The Student’s Wife – Raymond Carver

The Student's Wife - Raymond CarverIn The Student’s Wife by Raymond Carver we have the theme of longing, confinement, desperation, paralysis and powerlessness. Taken from his Will You Please Be Quiet, Please collection the story is narrated in the third person by an unnamed narrator, however it does appear that the point of view of the narrator matches that of the main protagonist, a woman called Nan. Carver immediately brings the reader into one of the major themes of the story, that of paralysis, from the very beginning of the story. Nan is asleep (not moving) and her husband Mike is besides her, reading. What is also interesting about the story is the fact that the setting for the story is in Nan and Mike’s apartment, that being indoors. Apart from Nan standing on the porch near the end of the story, all the action is confined to the inside of the apartment. The benefit of this is that it heightens the sense of confinement within the story.

There are also further instances in the story where the reader gets the sense of confinement. Both Nan and Mike stretch themselves while in bed. The main point to try and understand regards this action is that they are in some ways restricted (they are in bed after all). Nan’s dream, of her sitting in the back of the boat, the space ‘so narrow it hurt my legs’, also suggests the idea or theme of confinement or being restricted. Another incident in whereby there is sense of confinement (and which also brings in the theme of longing) is when Nan goes through a list of things she likes and would like. This list is also significant for another reason as it highlights that Nan is in some ways confined to living how she does due to Mike’s job. It is also significant that Carver mentions that Nan wishes that Mike had a new suit. This is possible symbolism for another way of living for Mike. Nan longs for a change from her present life (or way of living).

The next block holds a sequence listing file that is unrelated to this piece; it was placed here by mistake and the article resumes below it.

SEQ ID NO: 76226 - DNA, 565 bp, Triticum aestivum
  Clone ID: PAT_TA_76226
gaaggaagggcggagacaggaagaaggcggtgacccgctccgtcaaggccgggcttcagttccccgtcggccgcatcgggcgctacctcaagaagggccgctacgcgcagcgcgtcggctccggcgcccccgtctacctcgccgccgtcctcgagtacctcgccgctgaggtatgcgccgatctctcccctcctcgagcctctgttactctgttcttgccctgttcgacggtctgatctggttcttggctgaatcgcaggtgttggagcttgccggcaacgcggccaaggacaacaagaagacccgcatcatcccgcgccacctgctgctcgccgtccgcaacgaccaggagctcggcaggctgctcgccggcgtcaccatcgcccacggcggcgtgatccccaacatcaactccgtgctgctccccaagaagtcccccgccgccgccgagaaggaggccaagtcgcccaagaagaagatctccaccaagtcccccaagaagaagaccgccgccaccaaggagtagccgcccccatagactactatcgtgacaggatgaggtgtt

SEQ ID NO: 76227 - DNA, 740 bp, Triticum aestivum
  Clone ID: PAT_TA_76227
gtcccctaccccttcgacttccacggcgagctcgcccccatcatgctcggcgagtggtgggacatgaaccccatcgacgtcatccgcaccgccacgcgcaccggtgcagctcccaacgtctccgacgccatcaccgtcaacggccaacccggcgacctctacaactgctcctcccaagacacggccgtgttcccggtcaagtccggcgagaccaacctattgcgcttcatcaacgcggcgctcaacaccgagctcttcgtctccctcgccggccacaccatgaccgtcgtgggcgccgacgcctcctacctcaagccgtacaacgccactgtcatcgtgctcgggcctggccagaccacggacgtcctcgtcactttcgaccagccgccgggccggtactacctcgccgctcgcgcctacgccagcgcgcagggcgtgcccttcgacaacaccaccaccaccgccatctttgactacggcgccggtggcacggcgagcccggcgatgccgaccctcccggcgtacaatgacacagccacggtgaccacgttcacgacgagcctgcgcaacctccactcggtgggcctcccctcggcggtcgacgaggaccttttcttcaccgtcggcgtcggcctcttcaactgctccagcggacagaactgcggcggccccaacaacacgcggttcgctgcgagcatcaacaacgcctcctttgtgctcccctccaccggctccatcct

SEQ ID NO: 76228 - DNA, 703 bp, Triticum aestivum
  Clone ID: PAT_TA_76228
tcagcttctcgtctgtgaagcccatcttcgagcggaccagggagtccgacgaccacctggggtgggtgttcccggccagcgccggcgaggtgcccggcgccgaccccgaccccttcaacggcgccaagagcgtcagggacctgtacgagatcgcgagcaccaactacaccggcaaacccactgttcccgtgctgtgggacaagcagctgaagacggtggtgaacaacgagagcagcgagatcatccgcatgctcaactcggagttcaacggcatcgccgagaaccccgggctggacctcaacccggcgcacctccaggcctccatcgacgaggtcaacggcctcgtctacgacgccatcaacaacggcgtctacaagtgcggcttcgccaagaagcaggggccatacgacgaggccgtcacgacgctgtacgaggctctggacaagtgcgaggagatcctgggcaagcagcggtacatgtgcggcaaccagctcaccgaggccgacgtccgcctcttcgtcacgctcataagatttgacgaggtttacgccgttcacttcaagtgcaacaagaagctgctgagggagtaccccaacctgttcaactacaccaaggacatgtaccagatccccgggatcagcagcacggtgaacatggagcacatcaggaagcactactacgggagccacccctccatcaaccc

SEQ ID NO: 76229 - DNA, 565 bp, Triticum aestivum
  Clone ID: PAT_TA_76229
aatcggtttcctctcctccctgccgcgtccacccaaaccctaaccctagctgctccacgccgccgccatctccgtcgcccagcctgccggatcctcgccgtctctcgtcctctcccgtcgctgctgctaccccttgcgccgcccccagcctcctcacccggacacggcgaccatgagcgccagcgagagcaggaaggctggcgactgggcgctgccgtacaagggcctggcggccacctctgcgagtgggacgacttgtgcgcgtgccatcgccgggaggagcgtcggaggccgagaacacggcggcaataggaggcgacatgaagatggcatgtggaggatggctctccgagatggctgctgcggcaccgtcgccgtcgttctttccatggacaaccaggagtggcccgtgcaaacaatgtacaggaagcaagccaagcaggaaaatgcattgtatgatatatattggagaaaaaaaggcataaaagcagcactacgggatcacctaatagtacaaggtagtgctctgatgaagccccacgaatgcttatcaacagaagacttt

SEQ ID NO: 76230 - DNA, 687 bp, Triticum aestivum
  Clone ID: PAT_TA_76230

There is a further example of longing when Nan asks Mike does he remember the time they stayed overnight on the Tilton River. They’d just got out of high school and Mike had caught a big trout. Though Mike remembers the time, he wishes that he didn’t because it reminds him of his half-baked ideas about life and art, but for Nan it is important because it is a time of hopes and aspirations, none of which have materialised. She still (as does Mike) longs for a different way of life, with the same hopes and aspirations and not the realities of the position she and Mike find themselves in, of moving every year because of Mike’s job.

The symbolism of Nan’s ‘Growing pains’ as Mike calls them is also significant because Carver through their introduction is affording the reader the opportunity to realise that very little has changed for Nan since she was a child. Carver is using Nan’s physical size to suggest (through symbolism) a sense of continued paralysis in Nan’s life. Carver uses symbolism again near the end of the story. He uses the sunrise that Nan is standing, looking at on the porch as symbolism for a new beginning, something that the reader already knows Nan longs for. The reader is also aware that Nan hasn’t seen many sunrises. This is significant because if the sunrise symbolises a new beginning, the fact that Nan has not seen many suggests that she has not had many new beginnings. In essence her life has not changed. Again this suggests the idea or paralysis.

The end of the story is interesting because the reader by Ann’s actions realises how desperate she is. After she comes in from the porch she goes back into the bedroom and kneels down to pray. ‘God, will you help us, God?’ Such is Nana’s longing for a different kind of life she has resorted to praying, or relying on God to help her. She knows she is powerless herself to change her and Mike’s life. What is also interesting at the end of the story is that Carver highlights the continued sense of confinement in Nana and Mike’s life. Just before Nan prays she looks at Mike and can see ‘He was knotted up in the center of the bed’.

It is significant that Carver ends the story where it began. In Nan and Mike’s bedroom. It is also significant that Mike (apart from briefly going to the kitchen) remains in the same place (in bed) throughout the story. Despite Nan’s desperation for a new life, there will be no change. Life for Nan and Mike is to remain the same. They will continue to move from school to school and apartment to apartment, Nan’s goal for a different, better life will not be achieved.

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